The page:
Dan Landes and his partners had just closed on their purchase of the Campus Lounge on September 28, and Landes was ready for a beer. But first, he had to make something clear: The Campus Lounge, a seventy-year-old watering hole at 701 South University Boulevard, will not go vegetarian, much less vegan.
This despite the fact that Landes has found great success as the owner of vegetarian restaurants, starting with WaterCourse Foods, which he founded almost twenty years ago (it has since moved to East 17th Avenue and was sold to an employee last year), then City, O' City, which now occupies the original home of WaterCourse at 206 East 13th Avenue and has become a major gathering place for Capitol Hill.
The renovated Campus Lounge will be a neighborhood place, too — but one designed for a different neighborhood, one geared to the residents of Bonnie Brae, Washington Park and nearby areas. "The goal is the same at City, 'O City," Landes says. "We're going to be a place where people gather."
To help draw them in, Landes is planning to introduce a bistro-style concept with “incredible food – but in a dive bar,” Landes says. To-go meals will be emphasized — think fried chicken with three sides — and they're considering delivery. And meat will definitely be on the menu — but customers will know that the meat has been sourced right, since Landes's team will work closely with ranchers and other producers. “That's not greenwash," he says. "That's just what we do.”
Brendan Doyle, the former exec chef at City, O' City, will be coming back from New York City to take over the kitchen; he shares Landes's vision for the Campus Lounge. So do their partners in the venture, who chose Landes as the right operator for the place.
“Dan and his partner share our passion to serve communities and understand neighboring spaces,” says Charlie Woolley, one of the “good” developers featured in “Developing Community,” our August 25 cover story, and founding principal and president of St. Charles Town Company, which put together the deal. “It's both an honor and a big responsibility to take on a project like the Campus Lounge. We want to restore the building, which has a past that precedes the Campus, and preserve the legacy that is the Campus.”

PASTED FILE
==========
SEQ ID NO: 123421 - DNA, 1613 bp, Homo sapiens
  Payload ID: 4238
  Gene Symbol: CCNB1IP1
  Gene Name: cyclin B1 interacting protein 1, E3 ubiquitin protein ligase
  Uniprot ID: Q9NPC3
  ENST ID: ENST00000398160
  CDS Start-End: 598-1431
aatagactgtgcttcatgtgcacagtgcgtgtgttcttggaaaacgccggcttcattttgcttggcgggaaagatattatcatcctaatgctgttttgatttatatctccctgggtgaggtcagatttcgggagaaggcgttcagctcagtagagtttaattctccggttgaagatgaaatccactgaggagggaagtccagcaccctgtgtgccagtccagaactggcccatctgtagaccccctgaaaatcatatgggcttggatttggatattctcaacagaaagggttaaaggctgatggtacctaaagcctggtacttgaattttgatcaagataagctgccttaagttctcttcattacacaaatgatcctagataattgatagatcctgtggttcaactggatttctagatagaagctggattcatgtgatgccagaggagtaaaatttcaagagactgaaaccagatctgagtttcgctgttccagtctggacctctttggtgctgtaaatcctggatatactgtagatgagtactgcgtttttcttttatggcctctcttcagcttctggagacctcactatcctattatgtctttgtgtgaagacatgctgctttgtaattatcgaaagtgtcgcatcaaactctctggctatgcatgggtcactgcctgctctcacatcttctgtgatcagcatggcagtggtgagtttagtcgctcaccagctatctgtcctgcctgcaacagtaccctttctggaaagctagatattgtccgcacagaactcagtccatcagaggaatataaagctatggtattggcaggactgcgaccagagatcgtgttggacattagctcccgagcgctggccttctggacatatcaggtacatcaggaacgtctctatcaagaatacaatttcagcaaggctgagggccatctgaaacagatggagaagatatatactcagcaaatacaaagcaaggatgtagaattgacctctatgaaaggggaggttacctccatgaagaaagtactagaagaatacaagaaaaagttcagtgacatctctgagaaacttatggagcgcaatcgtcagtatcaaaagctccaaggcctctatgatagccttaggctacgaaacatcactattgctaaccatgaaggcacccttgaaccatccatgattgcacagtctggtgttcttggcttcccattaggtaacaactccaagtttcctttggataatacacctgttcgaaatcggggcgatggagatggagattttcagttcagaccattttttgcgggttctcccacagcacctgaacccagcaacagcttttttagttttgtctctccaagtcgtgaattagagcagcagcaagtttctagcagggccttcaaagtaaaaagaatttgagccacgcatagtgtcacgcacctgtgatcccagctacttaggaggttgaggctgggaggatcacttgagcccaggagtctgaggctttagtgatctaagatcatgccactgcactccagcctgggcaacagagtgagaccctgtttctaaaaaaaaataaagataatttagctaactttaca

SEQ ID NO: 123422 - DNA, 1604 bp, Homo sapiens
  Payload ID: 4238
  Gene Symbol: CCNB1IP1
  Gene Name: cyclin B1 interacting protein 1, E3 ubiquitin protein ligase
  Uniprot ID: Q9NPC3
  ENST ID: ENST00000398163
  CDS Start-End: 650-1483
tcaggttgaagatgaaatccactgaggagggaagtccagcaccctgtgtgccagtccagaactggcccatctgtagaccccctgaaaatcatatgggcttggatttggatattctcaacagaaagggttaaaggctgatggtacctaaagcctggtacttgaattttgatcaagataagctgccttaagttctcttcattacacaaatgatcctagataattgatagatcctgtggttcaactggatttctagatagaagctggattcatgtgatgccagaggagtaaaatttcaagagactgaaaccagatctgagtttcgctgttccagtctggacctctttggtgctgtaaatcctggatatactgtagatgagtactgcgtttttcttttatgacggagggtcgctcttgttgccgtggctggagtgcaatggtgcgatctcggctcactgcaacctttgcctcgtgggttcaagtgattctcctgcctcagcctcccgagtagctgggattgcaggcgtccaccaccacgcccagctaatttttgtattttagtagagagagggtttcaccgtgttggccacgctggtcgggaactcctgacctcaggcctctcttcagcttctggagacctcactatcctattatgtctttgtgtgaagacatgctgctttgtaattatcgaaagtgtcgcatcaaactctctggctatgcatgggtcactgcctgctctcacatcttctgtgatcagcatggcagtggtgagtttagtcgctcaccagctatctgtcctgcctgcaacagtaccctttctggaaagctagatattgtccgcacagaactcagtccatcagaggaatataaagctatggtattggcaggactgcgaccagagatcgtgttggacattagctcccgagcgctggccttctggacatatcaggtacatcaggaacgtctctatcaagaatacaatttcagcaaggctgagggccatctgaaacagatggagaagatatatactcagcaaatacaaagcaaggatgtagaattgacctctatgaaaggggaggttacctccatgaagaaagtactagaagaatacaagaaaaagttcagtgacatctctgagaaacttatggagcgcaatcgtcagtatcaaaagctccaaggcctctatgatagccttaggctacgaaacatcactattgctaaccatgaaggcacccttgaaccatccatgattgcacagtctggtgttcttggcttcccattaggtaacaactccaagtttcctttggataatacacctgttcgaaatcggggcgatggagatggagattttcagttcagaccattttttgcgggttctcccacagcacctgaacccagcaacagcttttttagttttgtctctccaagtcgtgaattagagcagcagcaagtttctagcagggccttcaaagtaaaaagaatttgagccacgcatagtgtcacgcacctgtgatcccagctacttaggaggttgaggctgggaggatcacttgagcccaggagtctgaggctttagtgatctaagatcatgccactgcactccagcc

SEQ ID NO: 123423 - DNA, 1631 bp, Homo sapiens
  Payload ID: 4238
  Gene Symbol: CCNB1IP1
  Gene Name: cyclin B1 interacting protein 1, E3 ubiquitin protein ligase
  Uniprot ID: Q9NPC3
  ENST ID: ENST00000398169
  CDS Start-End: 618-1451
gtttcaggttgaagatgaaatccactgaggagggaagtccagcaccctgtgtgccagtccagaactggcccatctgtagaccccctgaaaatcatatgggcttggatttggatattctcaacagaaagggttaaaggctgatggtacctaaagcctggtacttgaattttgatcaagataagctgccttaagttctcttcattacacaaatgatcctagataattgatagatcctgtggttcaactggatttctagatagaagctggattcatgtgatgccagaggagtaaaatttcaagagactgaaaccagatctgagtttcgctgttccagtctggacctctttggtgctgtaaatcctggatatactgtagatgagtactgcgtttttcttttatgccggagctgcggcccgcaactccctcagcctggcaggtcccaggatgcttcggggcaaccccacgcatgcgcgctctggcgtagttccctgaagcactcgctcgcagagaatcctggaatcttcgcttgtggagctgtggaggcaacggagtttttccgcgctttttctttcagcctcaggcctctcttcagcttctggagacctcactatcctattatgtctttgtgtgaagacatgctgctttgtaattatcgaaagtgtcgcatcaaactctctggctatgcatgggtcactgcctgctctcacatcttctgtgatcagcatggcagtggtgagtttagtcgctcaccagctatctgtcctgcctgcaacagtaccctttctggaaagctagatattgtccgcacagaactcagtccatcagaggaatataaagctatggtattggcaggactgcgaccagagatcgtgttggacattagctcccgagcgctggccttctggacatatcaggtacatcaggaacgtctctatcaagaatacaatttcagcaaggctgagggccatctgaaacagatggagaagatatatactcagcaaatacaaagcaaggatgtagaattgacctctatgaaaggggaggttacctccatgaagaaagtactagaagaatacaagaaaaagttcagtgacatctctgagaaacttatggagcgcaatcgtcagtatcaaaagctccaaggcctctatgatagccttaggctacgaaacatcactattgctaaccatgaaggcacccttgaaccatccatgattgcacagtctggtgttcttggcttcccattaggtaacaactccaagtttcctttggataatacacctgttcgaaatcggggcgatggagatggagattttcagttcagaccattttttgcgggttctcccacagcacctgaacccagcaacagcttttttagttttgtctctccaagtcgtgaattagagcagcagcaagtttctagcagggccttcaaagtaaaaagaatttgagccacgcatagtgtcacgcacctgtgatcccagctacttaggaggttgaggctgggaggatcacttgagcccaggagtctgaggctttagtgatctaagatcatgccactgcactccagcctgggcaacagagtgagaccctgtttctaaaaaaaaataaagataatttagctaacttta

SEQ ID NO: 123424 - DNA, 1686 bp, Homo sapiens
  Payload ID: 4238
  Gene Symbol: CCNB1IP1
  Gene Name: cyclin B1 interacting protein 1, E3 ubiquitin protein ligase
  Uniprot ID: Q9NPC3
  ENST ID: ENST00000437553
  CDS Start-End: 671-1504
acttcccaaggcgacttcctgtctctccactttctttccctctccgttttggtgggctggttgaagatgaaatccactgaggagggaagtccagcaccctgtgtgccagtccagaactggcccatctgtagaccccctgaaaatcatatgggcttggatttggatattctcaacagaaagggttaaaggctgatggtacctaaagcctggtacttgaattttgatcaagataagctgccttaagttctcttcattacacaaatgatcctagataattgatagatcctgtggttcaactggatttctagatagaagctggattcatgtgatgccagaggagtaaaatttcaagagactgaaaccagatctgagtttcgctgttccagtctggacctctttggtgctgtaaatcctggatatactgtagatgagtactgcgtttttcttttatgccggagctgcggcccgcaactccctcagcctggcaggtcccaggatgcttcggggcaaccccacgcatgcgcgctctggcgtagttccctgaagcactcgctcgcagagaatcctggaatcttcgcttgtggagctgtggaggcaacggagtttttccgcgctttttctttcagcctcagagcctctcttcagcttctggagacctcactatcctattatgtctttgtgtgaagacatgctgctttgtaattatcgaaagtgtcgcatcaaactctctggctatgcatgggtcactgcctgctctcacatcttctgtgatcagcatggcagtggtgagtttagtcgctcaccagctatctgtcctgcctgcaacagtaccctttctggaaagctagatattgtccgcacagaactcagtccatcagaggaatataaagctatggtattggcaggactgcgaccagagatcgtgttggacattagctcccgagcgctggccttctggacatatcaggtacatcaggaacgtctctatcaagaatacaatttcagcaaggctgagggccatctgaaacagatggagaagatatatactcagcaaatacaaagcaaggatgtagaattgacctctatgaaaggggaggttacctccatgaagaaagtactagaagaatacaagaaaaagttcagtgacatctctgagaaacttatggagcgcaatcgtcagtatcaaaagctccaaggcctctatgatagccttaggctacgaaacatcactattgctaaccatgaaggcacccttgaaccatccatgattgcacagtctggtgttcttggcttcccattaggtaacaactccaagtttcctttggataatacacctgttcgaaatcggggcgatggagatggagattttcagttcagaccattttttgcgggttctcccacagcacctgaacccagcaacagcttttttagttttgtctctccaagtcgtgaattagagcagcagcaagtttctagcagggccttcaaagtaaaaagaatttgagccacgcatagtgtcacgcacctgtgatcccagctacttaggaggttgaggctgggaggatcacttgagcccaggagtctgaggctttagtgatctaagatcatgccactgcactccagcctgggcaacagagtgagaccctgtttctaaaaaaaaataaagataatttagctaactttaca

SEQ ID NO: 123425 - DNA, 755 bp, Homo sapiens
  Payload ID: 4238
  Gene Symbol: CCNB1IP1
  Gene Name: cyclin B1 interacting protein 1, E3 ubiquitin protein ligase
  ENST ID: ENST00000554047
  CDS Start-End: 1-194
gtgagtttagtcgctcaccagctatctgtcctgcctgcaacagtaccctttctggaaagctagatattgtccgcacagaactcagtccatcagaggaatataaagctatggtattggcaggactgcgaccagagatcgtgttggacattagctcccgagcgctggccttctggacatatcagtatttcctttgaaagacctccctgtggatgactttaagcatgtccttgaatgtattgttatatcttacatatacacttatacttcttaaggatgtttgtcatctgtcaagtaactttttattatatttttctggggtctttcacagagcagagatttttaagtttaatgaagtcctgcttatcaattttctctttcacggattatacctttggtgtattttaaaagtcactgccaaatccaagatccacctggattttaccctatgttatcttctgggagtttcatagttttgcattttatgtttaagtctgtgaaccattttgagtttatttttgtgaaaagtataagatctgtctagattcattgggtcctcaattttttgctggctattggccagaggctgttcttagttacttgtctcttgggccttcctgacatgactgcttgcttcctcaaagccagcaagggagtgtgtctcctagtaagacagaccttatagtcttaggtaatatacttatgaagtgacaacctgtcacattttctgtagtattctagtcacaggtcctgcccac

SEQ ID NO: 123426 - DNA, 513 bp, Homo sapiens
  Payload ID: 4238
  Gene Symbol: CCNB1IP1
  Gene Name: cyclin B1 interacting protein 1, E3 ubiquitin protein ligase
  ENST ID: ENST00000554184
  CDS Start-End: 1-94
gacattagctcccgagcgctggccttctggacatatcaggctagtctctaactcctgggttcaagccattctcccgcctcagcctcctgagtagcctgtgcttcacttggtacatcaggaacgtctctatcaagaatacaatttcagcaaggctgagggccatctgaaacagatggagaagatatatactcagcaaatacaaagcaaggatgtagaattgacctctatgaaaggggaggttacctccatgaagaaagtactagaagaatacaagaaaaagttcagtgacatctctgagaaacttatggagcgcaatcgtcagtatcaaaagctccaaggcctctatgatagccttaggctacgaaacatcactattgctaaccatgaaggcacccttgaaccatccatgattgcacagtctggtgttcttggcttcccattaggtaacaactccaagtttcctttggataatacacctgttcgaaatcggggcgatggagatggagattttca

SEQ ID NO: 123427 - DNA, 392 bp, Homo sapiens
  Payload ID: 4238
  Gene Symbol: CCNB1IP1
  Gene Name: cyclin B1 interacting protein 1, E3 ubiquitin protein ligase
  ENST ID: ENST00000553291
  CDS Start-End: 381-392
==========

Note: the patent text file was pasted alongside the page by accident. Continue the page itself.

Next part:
That past started in 1946, when the corner space opened as the Bel-Aire. Three years later, it turned into the Campus Lounge; Jim Wiste, a graduate of the University of Denver and former NHL player, purchased the building from Bill and Joe White in 1976. He closed the deal with Woolley, Landes and company on September 28, three days after the bar closed with a final blowout. “I'm ready to just be a customer,” says Wiste.
And when Wiste is ready to be a customer at his former watering hole, he'll find that Landes and Woolley have kept that big, U-shaped bar (though there may be a few high chairs next to the bar stools, at least until 8 p.m., for families who want to drop by), along with the convivial, low-key atmosphere. "We're not breaking down any walls," Landes says, although they are planning to update the bathrooms, put on some new paint, maybe even restore the big glass windows that used to front the Bel-Aire.
Other changes they'll determine as they go along, and collect suggestions from the neighbors. "This isn't for me to define, this is for you," Landes says. "I'll have the cold beer and the hot food...you do the rest."
The partners are hoping to have the place open before Thanksgiving weekend — the ideal time for people who grew up in Denver, like Landes and Doyle, to congregate and toast a revived landmark. (Landes says he's already hearing from old friends excited about the purchase.)
"We'll prove ourselves one plate at a time," Landes promises. Oh, and one more thing he wants to make clear: They're keeping the Campus Lounge name — and the neon sign out front.
Now about that beer: Cheers to the Campus Lounge!
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